This video is sponsored by Farmers State Bank.
Throughout her adult life, Anne Harris Carter chalked up her cyclical changes in mood to a severe case of PMS (premenstrual syndrome). Each month she would go through a period of feeling down but didn’t think it was depression because eventually her mood would lift.
It wasn’t until 2008, during a time where Harris was dealing with significant personal and professional change, that she knew she needed to seek help.
“It got to a point where I was weepy at work for months,” said Carter. “It was one of those days when I had to close the door. I was crying and I knew something was not right.”
Carter reached out to a family member who encouraged her to see a doctor immediately. She was diagnosed with Bipolar Type II, a mental illness with moods that cycle between depression and hypomania. Bipolar II can look like depression and can sometimes be misdiagnosed as depression but the treatment is different. Treating bipolar with antidepressants alone can actually trigger manic or hypomanic episodes.
RELATED: Learn about common mental illnesses
Carter, age 57, manages her mental illness with a combination of medication, therapy and family support. However, it took her nearly 10 years before she was ready to talk openly about her diagnosis.
“For me, even the fear of stigma was crippling. It led me to isolate myself and hide. I was always modifying my behavior to hide how I was really feeling,” said Carter. “Learning how to share my story is just another dimension of my journey.”
RELATED: Read more stories like Anne's
She recalls feeling a surge of support after speaking about her diagnosis during a women’s conference at her Cedar Rapids church. People of all ages approached her and thanked her for sharing her story.
“Just helping one person is worth it,” said Carter. “Now I feel like I can go to church and be myself and not feel like I have to hide.”
Carter tries to normalize her mental illness in other areas of her life as well. She talks to her family about how she’s feeling in real-time so they are better able to support her. Even her granddaughter knows when Grammy has a therapy appointment.
“Chances are you probably know someone who deals with mental illness. Take time to ask your friends how they are doing, ... You might not know what to say. You might even say the wrong thing. But a genuine attitude goes a long way.”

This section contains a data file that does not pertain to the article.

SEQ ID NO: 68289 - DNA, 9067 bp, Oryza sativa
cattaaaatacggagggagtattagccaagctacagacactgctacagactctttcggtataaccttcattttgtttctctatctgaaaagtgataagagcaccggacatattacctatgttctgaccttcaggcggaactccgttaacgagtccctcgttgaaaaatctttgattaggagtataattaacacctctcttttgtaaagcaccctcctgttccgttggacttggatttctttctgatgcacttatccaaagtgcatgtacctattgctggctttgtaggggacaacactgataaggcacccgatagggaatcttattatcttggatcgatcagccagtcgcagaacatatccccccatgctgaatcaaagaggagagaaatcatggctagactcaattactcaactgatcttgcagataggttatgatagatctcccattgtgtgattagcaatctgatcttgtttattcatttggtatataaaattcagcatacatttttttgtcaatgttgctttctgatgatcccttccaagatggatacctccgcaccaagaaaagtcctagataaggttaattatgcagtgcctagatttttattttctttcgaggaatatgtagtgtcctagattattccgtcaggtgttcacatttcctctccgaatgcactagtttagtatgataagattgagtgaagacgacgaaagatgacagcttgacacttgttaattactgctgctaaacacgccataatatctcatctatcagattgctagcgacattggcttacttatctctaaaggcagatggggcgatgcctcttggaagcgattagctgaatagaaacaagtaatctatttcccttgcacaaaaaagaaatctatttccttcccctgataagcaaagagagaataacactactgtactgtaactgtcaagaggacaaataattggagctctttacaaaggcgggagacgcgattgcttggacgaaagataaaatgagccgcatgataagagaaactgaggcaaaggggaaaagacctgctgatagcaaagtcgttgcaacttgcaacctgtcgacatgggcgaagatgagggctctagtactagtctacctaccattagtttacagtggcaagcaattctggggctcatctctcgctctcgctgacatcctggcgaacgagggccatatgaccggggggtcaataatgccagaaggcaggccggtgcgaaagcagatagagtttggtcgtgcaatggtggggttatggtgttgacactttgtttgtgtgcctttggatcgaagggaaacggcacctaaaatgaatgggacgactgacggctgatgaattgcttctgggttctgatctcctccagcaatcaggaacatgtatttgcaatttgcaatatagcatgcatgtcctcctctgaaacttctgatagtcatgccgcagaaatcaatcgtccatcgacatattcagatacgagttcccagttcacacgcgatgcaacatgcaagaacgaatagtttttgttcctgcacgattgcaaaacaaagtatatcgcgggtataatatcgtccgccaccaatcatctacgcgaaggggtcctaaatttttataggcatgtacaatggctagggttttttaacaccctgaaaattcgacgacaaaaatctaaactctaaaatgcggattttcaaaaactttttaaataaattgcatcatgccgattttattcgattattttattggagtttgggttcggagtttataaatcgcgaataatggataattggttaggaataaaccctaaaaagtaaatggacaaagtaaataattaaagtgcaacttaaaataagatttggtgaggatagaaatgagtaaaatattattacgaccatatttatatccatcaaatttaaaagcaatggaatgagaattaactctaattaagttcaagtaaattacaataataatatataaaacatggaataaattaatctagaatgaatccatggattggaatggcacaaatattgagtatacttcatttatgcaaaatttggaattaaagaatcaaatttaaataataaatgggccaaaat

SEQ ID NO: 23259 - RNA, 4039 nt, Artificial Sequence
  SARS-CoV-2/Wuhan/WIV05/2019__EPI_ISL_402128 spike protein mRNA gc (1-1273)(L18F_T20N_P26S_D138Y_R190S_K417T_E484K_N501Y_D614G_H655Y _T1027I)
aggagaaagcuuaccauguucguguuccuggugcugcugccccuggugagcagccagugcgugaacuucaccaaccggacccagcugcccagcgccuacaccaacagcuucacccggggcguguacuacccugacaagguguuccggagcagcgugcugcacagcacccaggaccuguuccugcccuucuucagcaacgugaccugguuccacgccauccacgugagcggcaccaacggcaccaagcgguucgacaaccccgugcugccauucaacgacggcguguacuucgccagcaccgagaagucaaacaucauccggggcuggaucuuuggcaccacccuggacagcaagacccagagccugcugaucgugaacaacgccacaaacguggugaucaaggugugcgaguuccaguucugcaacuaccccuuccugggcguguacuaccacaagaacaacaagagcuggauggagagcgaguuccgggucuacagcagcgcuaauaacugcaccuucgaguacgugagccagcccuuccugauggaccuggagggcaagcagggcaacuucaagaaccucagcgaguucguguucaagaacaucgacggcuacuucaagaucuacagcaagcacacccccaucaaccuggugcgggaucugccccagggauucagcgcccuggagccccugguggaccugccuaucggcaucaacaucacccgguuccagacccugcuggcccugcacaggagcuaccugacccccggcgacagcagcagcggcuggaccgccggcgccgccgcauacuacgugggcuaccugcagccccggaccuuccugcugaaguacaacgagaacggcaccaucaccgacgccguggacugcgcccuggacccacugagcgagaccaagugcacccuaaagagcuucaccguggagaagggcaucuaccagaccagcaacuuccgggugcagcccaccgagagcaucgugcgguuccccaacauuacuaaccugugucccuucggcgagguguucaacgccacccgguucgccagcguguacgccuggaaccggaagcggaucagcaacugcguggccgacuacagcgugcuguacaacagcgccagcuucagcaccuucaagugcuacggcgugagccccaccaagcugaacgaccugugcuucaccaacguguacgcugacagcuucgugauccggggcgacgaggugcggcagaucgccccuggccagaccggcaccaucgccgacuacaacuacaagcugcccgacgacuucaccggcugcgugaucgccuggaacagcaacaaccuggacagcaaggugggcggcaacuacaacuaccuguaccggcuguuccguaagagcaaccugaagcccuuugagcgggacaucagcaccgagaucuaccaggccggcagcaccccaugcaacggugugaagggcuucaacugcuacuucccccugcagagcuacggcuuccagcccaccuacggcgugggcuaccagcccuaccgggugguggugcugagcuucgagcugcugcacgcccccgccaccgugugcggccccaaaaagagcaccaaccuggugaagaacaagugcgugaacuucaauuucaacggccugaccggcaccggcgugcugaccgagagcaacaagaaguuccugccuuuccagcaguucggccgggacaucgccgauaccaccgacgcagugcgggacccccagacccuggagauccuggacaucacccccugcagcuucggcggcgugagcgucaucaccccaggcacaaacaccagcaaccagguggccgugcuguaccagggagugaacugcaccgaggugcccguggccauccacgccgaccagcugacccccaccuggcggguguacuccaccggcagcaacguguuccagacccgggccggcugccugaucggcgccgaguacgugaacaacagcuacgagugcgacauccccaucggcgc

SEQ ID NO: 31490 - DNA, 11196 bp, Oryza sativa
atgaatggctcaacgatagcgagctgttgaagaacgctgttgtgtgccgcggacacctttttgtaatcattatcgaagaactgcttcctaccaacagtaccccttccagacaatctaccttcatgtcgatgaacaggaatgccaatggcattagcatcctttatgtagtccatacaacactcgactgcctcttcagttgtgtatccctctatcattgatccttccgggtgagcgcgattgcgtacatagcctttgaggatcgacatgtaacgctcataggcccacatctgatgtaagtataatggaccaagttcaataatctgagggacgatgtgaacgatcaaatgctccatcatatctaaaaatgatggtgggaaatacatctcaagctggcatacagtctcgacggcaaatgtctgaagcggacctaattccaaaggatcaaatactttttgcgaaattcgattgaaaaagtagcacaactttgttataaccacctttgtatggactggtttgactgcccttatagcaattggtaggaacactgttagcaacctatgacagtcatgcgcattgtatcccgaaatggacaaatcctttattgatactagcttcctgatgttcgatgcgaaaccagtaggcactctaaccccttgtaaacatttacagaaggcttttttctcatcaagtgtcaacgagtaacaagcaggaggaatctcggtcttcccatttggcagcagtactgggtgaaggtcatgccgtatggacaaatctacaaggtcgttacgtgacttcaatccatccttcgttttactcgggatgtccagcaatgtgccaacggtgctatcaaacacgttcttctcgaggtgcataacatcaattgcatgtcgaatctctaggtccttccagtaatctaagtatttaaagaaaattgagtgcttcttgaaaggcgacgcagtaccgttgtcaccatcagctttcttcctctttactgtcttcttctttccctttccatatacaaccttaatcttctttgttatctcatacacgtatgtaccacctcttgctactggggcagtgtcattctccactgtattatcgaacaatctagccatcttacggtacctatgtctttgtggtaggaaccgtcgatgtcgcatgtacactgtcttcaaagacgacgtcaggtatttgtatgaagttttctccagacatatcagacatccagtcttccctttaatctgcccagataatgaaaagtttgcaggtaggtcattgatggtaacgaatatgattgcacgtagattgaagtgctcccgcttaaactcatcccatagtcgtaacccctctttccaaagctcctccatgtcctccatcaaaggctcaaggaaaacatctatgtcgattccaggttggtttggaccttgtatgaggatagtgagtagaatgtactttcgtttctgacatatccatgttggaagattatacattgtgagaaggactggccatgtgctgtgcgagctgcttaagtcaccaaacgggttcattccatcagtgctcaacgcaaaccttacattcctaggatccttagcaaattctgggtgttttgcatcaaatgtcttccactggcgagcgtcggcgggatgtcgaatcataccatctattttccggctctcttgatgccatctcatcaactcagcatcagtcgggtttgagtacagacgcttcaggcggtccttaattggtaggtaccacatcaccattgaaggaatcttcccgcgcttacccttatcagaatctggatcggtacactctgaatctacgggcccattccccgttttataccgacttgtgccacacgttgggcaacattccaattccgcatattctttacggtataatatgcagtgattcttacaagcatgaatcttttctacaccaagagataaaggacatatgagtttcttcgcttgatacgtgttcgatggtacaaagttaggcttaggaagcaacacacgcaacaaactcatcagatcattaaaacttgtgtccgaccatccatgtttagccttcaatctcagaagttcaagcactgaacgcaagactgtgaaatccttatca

In her professional career, Carter spent years working in corporate diversity and inclusion where she encouraged colleagues to “be comfortable with being uncomfortable.” She thinks the same lesson applies to talking about mental health.
“Chances are you probably know someone who deals with mental illness. Take time to ask your friends how they are doing,” Carter said. “You might not know what to say. You might even say the wrong thing. But a genuine attitude goes a long way.”
RELATED: Tips for talking about mental illness
Carter hopes that one day it is not only easier for people to self-identify that they’re dealing with a mental illness, but that it’s also easier to get treatment. She knows it can be difficult to navigate providers or find the right medication, but Carter encourages anyone who is thinking about getting help to “just do it.”
“It can be hard to find the right fit, but it’s worth the effort.”
Make It OK is community campaign to reduce stigma by starting conversations and increasing understanding about mental illness. Start by learning what a mental illness really is. Then, find out what to say and not to say when someone opens up to you. You can also help others by sharing your own story to help people know they aren’t alone. Learn more about how you can get involved at MakeItOK.org/Iowa.